Hurrah for a vaccine — but was lockdown actually worth it?

The development of the vaccines has changed many things. It has even influenced the opinion of the Prince of Lockdown himself, health secretary Matt Hancock. Life, he pronounced at the weekend, would be back to normal by the spring and the “blasted regulations” abolished. But one thing has remained constant: the government’s continued refusal to […]

Economics lessons from history: Don’t expect a post-Covid boom

Just over 200 years ago, the finances of the British government looked even more parlous than they do today. Since the mid-1790s, the country had been engaged in a titanic struggle with Napoleon’s France. To pay for the conflict, the government had borrowed on a massive scale. The cumulative financial deficit — the difference between […]

Forget the polls endorsing lockdowns and look at how people actually behave

Economics is at long last storming the bastions of the Scientific Advisory Group for Emergencies (SAGE). This citadel of epidemiologists and health professionals has for many months resisted the lessons which the so-called gloomy science can bring. In the context of Covid-19, economics is in fact a beacon of hope. This week, news broke of […]

The government must take back control of the Covid narrative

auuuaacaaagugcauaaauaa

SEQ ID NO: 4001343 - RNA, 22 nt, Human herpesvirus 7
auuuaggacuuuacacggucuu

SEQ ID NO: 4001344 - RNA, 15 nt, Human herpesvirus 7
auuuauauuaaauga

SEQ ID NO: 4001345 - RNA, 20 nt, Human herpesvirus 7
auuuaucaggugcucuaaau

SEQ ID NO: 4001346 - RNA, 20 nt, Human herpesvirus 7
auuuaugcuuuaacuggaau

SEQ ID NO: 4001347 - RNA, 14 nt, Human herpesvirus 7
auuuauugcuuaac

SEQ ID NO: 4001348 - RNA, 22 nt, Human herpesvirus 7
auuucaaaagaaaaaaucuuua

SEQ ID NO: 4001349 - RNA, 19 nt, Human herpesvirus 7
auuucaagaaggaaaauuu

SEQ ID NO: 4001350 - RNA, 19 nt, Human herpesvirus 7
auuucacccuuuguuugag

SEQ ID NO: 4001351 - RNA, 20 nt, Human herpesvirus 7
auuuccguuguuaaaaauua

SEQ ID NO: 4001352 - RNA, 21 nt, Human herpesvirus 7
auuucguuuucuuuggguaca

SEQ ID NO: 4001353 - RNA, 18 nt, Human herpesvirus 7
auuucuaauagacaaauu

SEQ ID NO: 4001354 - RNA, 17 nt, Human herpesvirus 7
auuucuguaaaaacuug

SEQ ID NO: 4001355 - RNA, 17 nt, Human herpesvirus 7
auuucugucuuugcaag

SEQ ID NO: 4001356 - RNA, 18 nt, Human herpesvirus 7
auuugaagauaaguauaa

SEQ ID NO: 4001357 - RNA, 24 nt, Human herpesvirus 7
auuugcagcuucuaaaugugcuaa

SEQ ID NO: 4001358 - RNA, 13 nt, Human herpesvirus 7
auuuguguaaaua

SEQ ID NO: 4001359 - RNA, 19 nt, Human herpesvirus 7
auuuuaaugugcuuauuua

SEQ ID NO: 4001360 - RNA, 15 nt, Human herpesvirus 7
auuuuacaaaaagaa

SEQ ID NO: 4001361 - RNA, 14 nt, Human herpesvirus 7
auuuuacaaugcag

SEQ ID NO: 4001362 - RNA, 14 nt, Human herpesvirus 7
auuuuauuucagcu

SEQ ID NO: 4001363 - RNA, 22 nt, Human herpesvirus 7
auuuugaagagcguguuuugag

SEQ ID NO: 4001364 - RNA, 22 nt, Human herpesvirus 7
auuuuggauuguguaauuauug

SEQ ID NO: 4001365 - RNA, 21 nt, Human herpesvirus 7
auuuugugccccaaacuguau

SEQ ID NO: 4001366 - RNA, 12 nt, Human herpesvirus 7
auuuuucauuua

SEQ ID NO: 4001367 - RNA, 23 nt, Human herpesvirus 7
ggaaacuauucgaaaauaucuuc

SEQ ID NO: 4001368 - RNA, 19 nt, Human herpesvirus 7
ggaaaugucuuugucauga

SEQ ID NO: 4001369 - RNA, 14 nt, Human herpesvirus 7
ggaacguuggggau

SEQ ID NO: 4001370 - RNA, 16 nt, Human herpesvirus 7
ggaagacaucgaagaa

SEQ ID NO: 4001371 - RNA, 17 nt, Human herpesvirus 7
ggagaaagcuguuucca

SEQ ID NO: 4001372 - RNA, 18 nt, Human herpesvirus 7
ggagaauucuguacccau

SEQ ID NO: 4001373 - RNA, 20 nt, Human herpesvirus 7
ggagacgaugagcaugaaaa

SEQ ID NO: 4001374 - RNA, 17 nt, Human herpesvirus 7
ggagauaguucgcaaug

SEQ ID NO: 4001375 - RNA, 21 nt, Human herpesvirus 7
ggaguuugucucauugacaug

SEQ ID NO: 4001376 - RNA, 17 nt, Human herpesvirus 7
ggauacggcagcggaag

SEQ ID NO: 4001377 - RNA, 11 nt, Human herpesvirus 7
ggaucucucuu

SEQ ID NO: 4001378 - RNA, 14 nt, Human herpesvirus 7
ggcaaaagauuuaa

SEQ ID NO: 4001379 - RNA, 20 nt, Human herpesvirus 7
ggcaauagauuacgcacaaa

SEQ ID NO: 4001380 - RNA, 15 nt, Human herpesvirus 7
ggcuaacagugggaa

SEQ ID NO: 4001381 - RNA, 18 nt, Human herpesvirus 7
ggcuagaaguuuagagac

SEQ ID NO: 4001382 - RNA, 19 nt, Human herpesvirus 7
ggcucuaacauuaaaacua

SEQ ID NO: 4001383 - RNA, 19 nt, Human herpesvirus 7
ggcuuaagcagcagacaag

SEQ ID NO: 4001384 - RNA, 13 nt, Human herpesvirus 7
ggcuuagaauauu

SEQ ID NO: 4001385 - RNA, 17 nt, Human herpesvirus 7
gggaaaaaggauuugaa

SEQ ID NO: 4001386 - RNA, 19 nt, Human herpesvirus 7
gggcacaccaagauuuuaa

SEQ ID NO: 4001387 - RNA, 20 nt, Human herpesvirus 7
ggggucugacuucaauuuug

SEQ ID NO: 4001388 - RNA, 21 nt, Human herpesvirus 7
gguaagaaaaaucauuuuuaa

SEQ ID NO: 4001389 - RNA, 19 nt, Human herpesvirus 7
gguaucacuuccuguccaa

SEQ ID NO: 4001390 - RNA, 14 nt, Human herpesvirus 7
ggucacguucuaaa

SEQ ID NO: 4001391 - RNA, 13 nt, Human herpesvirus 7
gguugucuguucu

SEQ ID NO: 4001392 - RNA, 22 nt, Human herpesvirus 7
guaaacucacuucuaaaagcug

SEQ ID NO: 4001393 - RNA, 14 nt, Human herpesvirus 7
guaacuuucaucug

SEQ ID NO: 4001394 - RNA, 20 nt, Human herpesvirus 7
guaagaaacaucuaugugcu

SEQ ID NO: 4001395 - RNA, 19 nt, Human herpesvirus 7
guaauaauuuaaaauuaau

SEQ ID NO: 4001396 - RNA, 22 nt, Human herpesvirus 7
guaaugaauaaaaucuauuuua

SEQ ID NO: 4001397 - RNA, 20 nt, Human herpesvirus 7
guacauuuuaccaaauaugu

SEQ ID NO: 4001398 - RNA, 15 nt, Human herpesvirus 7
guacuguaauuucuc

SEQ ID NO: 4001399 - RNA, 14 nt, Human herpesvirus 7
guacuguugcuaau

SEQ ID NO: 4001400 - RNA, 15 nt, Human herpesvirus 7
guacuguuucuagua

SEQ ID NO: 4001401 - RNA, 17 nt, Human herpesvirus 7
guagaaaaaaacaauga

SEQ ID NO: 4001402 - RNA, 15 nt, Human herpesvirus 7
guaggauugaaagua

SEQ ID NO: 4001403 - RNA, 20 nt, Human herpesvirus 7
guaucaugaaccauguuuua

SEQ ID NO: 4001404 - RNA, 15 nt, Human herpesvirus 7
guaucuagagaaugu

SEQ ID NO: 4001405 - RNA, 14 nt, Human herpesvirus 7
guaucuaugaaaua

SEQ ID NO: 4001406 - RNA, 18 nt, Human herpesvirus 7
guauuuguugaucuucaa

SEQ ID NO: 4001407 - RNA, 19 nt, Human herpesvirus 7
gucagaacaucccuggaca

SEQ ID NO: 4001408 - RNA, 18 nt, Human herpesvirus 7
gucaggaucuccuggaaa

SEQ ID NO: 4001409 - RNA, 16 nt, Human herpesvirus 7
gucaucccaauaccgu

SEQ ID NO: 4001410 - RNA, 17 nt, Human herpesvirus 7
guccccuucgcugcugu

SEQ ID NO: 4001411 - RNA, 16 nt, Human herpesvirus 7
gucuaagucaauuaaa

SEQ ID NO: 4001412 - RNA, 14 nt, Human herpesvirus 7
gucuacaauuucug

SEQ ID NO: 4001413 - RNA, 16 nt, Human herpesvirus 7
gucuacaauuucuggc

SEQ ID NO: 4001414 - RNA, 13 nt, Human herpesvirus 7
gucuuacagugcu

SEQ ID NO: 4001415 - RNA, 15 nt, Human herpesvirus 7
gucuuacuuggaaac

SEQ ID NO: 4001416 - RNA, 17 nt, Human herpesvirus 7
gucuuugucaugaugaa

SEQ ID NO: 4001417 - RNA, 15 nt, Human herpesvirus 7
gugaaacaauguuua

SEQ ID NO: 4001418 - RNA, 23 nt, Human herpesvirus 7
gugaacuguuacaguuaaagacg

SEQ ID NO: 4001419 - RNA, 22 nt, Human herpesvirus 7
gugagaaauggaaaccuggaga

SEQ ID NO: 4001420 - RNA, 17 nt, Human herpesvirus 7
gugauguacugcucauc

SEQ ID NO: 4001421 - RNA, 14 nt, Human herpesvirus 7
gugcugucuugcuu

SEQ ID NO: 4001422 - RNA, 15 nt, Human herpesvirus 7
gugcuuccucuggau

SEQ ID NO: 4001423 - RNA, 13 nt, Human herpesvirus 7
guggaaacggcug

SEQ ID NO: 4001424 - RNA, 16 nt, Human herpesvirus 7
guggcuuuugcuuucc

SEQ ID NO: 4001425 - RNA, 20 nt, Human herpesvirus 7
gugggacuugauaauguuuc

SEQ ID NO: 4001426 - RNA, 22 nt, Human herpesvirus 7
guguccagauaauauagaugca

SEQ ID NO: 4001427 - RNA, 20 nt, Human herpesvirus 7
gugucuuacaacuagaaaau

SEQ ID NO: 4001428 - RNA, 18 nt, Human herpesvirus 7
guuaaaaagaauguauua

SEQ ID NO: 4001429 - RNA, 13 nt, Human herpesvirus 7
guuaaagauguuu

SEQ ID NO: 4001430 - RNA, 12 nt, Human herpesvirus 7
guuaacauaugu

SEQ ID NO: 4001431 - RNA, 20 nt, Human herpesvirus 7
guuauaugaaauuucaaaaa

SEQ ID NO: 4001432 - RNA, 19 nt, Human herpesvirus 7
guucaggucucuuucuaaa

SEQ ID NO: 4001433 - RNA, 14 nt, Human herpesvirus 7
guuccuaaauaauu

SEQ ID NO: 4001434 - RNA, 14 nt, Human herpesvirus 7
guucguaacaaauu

The word “narrative” is usually seen as being a posh way of saying “story”. But the idea of narratives is one which is gaining traction in economics. Last year, for example, Nobel laureate Robert Shiller of Yale published a book entitled “Narrative Economics”.  He argued that it is the perception of events and the stories […]

And this week’s winner for the Stupid Scientist award is…

Scepticism about the advice given by government scientists about Covid-19 is rising sharply. In areas like Bolton infections are high. Interviews with the locals reveal that so, too, is disbelief in the veracity of the statements made by members of SAGE, the government science advisory group. The scientists, rational beings themselves, may ascribe this to […]

Incentives are a better way to tackle Covid-19 than blanket lockdowns

A great deal of government policy during the Covid crisis has involved regulation. Given a choice, economists usually prefer to use incentives. Altering the relative costs and benefits of an action is a well-established way to alter behaviour. Perhaps the government has been listening. A big stick will now be waved at people who fail […]

The national productivity recovery depends on getting people back to the office

Office workers continue to display reluctance to return to their workplaces, despite encouragement from the government for them to head back. The immediate consequences for the service jobs in cities which depend on people commuting into the office are apparent, hence the government drive. But is office work a good thing for the workers themselves? […]

Office clusters are as crucial to productivity as they ever were

The Prime Minister is now demanding that offices reopen to revive economic activity in the centres of towns and cities. But there is not much sign of a return to work. The preferences of the workforce are an important factor in the very slow pace of return. Fears expressed about the safety of public transport […]

History shows us that slavery is an economic catastrophe as well as a moral one

Slavery has certainly been in the headlines in the past couple of weeks. Given this sudden interest in this area of history, it is worth considering the economic lessons it can teach us, as well as the moral ones. Slavery was abolished in England itself in the twelfth century. Then in 1772, Lord Mansfield gave […]